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Book Review

Wonderstruck by Brain Selznick has been reviewed by Focus on the Family’s marriage and parenting magazine.

Positive Elements

Spiritual Content

Sexual Content

Violent Content

Crude or Profane Language

Drug and Alcohol Content

Other Negative Elements

Conclusion

Pro-social Content

Objectionable Content

Summary Advisory

Plot Summary

Ever since his mother died in an accident, Ben has been plagued by nightmares. Wolves chase him in his dreams and cause him to cry out in his sleep. One night as Ben lies awake, three months after his mother died, he overhears his aunt and uncle arguing about whether to sell his mother’s house because money is tight.

In an effort to calm his nerves, Ben takes out his special keepsake box, a Christmas gift from his mom. Ben uses it to hold the ordinary and unique objects he has collected over the years: His last baby tooth, a few twigs, a plastic game piece. All are displayed within small cubbies inside the box.

As Ben looks out his bedroom window, he is shocked to see a light on in his old house, which is less than 100 feet away from his aunt and uncle’s house. He slips out of bed and finds his cousin Janet, wearing his mother’s clothes, smoking her cigarettes and dancing to one of his mother’s favorite songs. Janet shows him a can full of money that his mother had kept hidden in her closet. She replaces it, the cigarettes and his mother’s clothes.

Then she urges Ben to return to her parents’ home with her before a storm comes in. Ben chooses to stay in his house. Once Janet leaves, Ben finds an old book titled Wonderstruck. The book was published by the Natural History Museum in New York City and describes what a museum is and the job of a museum curator.

As Ben flips through the pages, he finds a bookmark for Kincaid’s Bookstore. On the back is a note for his mother from someone named Danny, and it includes his phone number and address. Ben wonders if Danny is his father. He examines his mother’s locket and wonders if the picture inside is of his father. The name Daniel is printed on the back.

Ben hides the locket under his shirt. As a thunderstorm breaks overhead, Ben picks up the phone to call the number on the bookmark. Lightning strikes the house, passes through the phone and renders Ben unconscious.

Interspersed with the written story of Ben is another story about a lonely, tween girl. Her story is told through beautiful pencil sketches. She climbs out a window of her house and hurries to a nearby river to send a paper boat afloat with the words “Help me” written on it.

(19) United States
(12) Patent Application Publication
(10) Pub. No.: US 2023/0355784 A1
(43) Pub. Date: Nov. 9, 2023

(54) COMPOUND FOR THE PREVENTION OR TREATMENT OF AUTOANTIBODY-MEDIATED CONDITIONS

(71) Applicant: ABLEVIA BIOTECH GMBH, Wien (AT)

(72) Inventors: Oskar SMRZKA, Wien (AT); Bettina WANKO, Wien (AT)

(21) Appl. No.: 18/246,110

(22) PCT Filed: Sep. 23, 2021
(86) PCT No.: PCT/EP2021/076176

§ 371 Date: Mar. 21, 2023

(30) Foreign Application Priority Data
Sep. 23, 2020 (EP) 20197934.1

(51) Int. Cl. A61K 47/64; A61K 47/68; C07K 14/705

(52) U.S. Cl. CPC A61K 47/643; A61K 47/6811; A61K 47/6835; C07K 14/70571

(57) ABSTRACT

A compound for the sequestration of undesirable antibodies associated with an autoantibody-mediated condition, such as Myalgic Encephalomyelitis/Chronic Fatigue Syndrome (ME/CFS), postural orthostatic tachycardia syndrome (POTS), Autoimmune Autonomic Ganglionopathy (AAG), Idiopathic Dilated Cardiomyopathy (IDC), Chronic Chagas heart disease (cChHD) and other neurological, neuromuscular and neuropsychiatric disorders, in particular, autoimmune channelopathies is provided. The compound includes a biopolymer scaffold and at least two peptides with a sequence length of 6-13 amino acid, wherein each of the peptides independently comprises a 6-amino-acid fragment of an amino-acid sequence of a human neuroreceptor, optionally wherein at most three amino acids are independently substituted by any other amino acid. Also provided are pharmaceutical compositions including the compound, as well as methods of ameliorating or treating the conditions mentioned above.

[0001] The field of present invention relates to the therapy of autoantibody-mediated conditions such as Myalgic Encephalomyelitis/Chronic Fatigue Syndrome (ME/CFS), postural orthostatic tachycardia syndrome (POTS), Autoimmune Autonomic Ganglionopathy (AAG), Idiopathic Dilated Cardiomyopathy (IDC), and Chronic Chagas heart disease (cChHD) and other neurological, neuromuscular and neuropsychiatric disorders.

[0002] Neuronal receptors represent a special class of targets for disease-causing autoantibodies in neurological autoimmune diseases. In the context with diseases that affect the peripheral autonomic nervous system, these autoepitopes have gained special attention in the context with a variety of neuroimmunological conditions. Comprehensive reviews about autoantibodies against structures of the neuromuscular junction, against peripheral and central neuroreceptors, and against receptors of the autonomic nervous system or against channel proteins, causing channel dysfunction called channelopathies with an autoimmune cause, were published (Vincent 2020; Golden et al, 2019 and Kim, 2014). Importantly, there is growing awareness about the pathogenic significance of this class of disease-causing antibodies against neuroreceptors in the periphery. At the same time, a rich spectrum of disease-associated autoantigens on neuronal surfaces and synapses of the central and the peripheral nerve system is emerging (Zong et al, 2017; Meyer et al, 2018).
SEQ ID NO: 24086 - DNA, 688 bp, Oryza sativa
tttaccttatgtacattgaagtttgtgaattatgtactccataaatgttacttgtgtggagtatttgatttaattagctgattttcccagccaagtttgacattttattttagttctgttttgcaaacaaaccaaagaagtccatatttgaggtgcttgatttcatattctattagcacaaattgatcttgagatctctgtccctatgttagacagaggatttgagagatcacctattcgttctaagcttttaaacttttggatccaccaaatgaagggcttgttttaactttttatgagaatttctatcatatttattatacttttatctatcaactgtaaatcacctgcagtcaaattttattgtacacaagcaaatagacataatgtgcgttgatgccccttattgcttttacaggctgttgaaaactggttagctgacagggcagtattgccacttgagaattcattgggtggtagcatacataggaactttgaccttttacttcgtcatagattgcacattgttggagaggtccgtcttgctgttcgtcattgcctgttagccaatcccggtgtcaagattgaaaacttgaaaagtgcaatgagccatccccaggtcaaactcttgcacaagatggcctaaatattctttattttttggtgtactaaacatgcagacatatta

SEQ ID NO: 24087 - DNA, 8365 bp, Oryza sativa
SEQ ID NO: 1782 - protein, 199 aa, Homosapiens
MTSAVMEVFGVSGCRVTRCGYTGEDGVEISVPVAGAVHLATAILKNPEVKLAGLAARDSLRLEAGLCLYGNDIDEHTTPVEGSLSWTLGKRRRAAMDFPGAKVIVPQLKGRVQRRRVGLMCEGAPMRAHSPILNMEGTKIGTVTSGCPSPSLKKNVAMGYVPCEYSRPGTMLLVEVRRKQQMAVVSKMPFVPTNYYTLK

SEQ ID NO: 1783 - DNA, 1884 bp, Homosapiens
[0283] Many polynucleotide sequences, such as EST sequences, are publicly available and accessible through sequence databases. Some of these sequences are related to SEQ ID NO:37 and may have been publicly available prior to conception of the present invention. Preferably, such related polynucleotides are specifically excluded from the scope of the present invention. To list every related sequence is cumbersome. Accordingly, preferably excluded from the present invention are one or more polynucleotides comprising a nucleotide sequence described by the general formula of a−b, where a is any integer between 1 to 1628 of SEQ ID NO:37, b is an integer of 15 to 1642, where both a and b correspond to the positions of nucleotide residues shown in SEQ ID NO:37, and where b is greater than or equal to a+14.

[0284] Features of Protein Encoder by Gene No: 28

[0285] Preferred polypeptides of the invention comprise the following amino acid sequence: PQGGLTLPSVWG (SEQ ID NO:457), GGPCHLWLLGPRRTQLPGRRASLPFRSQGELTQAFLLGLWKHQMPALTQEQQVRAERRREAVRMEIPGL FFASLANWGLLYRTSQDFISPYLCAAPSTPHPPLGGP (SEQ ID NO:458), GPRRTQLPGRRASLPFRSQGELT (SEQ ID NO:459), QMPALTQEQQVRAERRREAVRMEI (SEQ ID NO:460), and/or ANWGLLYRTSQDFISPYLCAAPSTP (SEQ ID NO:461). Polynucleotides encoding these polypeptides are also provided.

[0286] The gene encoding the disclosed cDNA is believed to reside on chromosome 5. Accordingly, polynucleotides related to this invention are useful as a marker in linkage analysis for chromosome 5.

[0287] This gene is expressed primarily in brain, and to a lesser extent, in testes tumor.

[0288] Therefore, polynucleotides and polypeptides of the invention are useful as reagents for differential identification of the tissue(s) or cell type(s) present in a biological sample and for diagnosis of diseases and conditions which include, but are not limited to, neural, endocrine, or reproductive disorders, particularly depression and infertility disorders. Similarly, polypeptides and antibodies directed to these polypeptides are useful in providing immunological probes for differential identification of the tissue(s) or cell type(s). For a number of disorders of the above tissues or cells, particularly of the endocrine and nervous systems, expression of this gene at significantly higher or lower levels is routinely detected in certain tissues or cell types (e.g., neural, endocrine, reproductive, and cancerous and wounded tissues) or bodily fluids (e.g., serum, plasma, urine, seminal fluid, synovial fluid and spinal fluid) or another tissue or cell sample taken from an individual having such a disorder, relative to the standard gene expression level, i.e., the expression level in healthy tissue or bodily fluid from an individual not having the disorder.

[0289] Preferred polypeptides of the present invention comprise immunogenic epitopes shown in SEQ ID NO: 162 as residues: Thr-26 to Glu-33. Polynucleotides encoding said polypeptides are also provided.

Then she runs away to the cinema to see her favorite actress, Lillian Mayhew, in her newest silent picture. Afterward, the girl returns to her home. In her room, she has built a model of a city out of paper. She sees a new book on her bed, left by her tutor. It is a manual to teach deaf people how to lip-read and speak. The girl rips out the pages and creates another building.

At the dinner table, her father is angry when he discovers she has cut a story from his newspaper. He sends her back to her room. The girl reads the story about how Lillian Mayhew is going to star in a Broadway show. The girl packs a suitcase, including a postcard from someone named Walter. We learn from the card that the girl’s name is Rose. Rose sets off for New York City.

In Part Two of the book, Ben also makes his way to New York City. The electrical shock that rendered him unconscious also made him deaf. While undergoing tests in Duluth, Ben asks his cousin Janet to bring him some clothes from home and the money can. He uses the funds to buy a bus ticket, hoping to find his father. When he arrives, he pulls his money out of his pocket so he can buy a hot dog and is robbed.

Ben finds the address written on the back of the bookmark, but no one named Danny lives in the building. He then discovers that the bookstore on the bookmark is a vacant building. A boy tries to talk to Ben, but afraid and upset, Ben runs away. He heads toward the Museum of Natural History.

As he hurries up the stairs, he trips on the top of the stairs and his suitcase falls open, spilling his belongings, including his special box. The boy who had seen him at the bookstore hands him back the book, Wonderstruck. Ben puts it in his suitcase, then runs into the museum.